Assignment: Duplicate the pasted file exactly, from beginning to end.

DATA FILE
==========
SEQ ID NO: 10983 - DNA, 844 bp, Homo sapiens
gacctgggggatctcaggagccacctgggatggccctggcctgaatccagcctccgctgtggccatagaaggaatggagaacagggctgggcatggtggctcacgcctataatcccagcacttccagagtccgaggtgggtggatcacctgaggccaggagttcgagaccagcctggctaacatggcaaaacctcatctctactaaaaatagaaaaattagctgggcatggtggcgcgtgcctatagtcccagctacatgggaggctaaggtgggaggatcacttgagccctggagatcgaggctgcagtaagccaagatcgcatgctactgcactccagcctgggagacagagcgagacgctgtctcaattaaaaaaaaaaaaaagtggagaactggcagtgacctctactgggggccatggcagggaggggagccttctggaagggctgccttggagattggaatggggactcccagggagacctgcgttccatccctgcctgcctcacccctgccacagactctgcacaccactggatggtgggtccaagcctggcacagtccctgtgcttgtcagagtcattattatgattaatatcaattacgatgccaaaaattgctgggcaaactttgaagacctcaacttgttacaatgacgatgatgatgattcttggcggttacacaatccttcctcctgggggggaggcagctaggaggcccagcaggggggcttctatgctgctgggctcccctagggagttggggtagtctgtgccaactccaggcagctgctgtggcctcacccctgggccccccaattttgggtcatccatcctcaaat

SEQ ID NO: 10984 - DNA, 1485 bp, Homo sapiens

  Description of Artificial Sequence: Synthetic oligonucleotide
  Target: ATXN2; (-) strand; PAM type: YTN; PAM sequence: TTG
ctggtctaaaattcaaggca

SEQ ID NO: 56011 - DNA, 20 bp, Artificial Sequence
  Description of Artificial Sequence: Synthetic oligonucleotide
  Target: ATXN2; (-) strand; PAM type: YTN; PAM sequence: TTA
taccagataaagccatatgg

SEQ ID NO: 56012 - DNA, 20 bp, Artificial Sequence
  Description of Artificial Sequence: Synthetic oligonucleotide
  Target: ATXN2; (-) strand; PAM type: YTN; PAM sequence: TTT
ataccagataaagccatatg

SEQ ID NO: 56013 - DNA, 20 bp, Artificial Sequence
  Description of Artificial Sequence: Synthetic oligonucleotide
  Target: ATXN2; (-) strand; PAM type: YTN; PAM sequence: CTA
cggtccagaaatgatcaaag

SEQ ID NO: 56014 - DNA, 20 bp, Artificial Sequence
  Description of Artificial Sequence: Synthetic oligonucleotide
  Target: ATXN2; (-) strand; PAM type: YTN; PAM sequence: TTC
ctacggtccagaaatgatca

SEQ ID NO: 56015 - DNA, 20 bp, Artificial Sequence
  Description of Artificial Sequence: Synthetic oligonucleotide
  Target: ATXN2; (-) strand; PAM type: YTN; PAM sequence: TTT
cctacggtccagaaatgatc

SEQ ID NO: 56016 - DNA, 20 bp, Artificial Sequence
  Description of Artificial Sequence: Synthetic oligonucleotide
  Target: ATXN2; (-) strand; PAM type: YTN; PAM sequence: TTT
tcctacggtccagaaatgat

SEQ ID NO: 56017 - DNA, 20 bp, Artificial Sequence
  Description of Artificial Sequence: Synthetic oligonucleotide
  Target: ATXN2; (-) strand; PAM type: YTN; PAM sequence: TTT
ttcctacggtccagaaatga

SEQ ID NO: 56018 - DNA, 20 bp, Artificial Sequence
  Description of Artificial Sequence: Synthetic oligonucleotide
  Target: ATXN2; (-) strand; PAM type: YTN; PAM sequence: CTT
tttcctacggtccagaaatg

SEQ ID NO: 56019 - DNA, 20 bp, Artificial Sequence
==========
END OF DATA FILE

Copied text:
SEQ ID NO: 10983 - DNA, 844 bp, Homo sapiens
gacctgggggatctcaggagccacctgggatggccctggcctgaatccagcctccgctgtggccatagaaggaatggagaacagggctgggcatggtggctcacgcctataatcccagcacttccagagtccgaggtgggtggatcacctgaggccaggagttcgagaccagcctggctaacatggcaaaacctcatctctactaaaaatagaaaaattagctgggcatggtggcgcgtgcctatagtcccagctacatgggaggctaaggtgggaggatcacttgagccctggagatcgaggctgcagtaagccaagatcgcatgctactgcactccagcctgggagacagagcgagacgctgtctcaattaaaaaaaaaaaaaagtggagaactggcagtgacctctactgggggccatggcagggaggggagccttctggaagggctgccttggagattggaatggggactcccagggagacctgcgttccatccctgcctgcctcacccctgccacagactctgcacaccactggatggtgggtccaagcctggcacagtccctgtgcttgtcagagtcattattatgattaatatcaattacgatgccaaaaattgctgggcaaactttgaagacctcaacttgttacaatgacgatgatgatgattcttggcggttacacaatccttcctcctgggggggaggcagctaggaggcccagcaggggggcttctatgctgctgggctcccctagggagttggggtagtctgtgccaactccaggcagctgctgtggcctcacccctgggccccccaattttgggtcatccatcctcaaat

SEQ ID NO: 10984 - DNA, 1485 bp, Homo sapiens

  Description of Artificial Sequence: Synthetic oligonucleotide
  Target: ATXN2; (-) strand; PAM type: YTN; PAM sequence: TTG
ctggtctaaaattcaaggca

SEQ ID NO: 56011 - DNA, 20 bp, Artificial Sequence
  Description of Artificial Sequence: Synthetic oligonucleotide
  Target: ATXN2; (-) strand; PAM type: YTN; PAM sequence: TTA
taccagataaagccatatgg

SEQ ID NO: 56012 - DNA, 20 bp, Artificial Sequence
  Description of Artificial Sequence: Synthetic oligonucleotide
  Target: ATXN2; (-) strand; PAM type: YTN; PAM sequence: TTT
ataccagataaagccatatg

SEQ ID NO: 56013 - DNA, 20 bp, Artificial Sequence
  Description of Artificial Sequence: Synthetic oligonucleotide
  Target: ATXN2; (-) strand; PAM type: YTN; PAM sequence: CTA
cggtccagaaatgatcaaag

SEQ ID NO: 56014 - DNA, 20 bp, Artificial Sequence
  Description of Artificial Sequence: Synthetic oligonucleotide
  Target: ATXN2; (-) strand; PAM type: YTN; PAM sequence: TTC
ctacggtccagaaatgatca

SEQ ID NO: 56015 - DNA, 20 bp, Artificial Sequence
  Description of Artificial Sequence: Synthetic oligonucleotide
  Target: ATXN2; (-) strand; PAM type: YTN; PAM sequence: TTT
cctacggtccagaaatgatc

SEQ ID NO: 56016 - DNA, 20 bp, Artificial Sequence
  Description of Artificial Sequence: Synthetic oligonucleotide
  Target: ATXN2; (-) strand; PAM type: YTN; PAM sequence: TTT
tcctacggtccagaaatgat

SEQ ID NO: 56017 - DNA, 20 bp, Artificial Sequence
  Description of Artificial Sequence: Synthetic oligonucleotide
  Target: ATXN2; (-) strand; PAM type: YTN; PAM sequence: TTT
ttcctacggtccagaaatga

SEQ ID NO: 56018 - DNA, 20 bp, Artificial Sequence
  Description of Artificial Sequence: Synthetic oligonucleotide
  Target: ATXN2; (-) strand; PAM type: YTN; PAM sequence: CTT
tttcctacggtccagaaatg

SEQ ID NO: 56019 - DNA, 20 bp, Artificial Sequence